US: Why Medicare pays so much for psychiatric drugs

Published on Intrepid Report, by Martha Rosenberg, May 23, 2014.

“Never mind” said the Obama administration in March after its proposal to limit automatic Medicare coverage of pricey depression and psychiatric drugs was met with a Pharma funded backlash. It apparently wasn’t worth it as “patients” on the Hill yelled “You’re going to limit WHAT?” and won.  

As private insurers balk at paying as much a month as $830 for Abilify, $250 for Seroquel, $450 for Geodon and $760 for Invega, Pharma increasingly relies on government programs to subsidize its expensive psychiatric drug habit. At least 16 states pursued legal action in 2008 against similar profiteering in Medicaid programs (which included Texas Medicaid paying $557,256 for two months of pediatric Geodon which was not even approved for children.)

That is no doubt why in February the Obama administration sought to limit the “protected status” of expensive categories of brand name pills which account for as much as 33 percent of total outpatient drug spending under Part D of Medicare.

Siphoning expensive psychiatric drugs, many of which are unnecessary or have cheaper alternatives, through government programs has been Big Pharma’s marketing plan for over a decade. In Texas, a Medicaid “decision tree” called the Texas Medical Algorithm Project was instituted that literally requires doctors to prescribe the newest psychiatric drugs first. Ka-ching. It was—surprise—funded by the Johnson & Johnson linked Robert Wood Johnson Foundation.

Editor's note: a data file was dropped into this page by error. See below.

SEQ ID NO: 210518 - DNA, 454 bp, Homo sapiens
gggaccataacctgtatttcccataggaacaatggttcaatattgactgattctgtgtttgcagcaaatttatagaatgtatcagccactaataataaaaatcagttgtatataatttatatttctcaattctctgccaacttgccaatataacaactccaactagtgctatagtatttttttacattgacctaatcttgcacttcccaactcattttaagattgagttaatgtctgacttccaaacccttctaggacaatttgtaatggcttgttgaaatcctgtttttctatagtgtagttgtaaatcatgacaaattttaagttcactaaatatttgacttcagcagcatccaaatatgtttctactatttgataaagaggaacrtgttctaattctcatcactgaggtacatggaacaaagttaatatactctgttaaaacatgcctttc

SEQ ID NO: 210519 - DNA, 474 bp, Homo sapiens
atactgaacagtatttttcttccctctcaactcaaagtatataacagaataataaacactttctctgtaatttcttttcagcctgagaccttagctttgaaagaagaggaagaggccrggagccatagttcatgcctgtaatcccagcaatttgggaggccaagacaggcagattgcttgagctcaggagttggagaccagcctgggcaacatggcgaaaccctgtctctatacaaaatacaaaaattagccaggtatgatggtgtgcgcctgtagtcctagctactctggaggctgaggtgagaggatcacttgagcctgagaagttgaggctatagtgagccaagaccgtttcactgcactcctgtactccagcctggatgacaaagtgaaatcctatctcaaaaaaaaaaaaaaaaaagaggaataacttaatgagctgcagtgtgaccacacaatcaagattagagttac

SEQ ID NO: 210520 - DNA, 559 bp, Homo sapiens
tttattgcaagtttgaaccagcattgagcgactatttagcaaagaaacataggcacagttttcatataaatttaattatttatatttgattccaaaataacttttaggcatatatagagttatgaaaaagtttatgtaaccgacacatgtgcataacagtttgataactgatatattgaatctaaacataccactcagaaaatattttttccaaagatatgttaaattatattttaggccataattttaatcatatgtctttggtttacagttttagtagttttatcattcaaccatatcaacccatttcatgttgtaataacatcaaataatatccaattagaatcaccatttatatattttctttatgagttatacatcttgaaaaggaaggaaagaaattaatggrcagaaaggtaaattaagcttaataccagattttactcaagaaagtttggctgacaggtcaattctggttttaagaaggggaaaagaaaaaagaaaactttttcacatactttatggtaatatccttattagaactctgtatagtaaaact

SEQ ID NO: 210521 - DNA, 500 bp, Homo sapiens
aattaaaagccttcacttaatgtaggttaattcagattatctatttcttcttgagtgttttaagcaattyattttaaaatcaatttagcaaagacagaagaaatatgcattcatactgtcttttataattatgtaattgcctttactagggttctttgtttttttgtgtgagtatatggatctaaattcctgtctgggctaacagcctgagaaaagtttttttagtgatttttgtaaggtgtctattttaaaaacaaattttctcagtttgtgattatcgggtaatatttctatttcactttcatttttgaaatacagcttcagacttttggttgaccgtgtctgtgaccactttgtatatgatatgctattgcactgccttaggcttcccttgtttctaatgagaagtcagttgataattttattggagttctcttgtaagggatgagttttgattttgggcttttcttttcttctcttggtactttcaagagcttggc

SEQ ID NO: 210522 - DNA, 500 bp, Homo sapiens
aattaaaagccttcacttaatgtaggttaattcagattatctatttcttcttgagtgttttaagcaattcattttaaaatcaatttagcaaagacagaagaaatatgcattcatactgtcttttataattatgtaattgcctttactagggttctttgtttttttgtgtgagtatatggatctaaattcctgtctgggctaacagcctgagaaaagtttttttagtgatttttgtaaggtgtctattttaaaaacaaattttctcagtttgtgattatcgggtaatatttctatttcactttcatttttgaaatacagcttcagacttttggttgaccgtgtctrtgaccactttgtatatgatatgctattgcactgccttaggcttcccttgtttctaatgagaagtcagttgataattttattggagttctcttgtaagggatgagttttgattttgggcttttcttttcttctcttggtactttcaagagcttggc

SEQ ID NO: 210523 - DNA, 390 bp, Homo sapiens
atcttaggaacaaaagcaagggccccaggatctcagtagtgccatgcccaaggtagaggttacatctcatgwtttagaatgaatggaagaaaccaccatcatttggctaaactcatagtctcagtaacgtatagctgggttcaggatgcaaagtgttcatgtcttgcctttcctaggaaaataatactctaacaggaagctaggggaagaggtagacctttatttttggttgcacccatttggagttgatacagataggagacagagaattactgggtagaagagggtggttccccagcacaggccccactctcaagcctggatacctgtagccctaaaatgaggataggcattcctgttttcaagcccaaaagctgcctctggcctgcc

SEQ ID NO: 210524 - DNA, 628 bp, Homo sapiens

Big Pharma also uses patient front groups to scream about the need for expensive drugs when alternative drugs exist. “When insurers balk at reimbursing patients for new prescription medications, these groups typically swing into action, rallying sufferers to appear before public and consumer panels, contact lawmakers, and provide media outlets a human face to attach to a cause,” writes Melissa Healy of the Los Angeles Times about their tactics … //

… (full text with many hyper-links).


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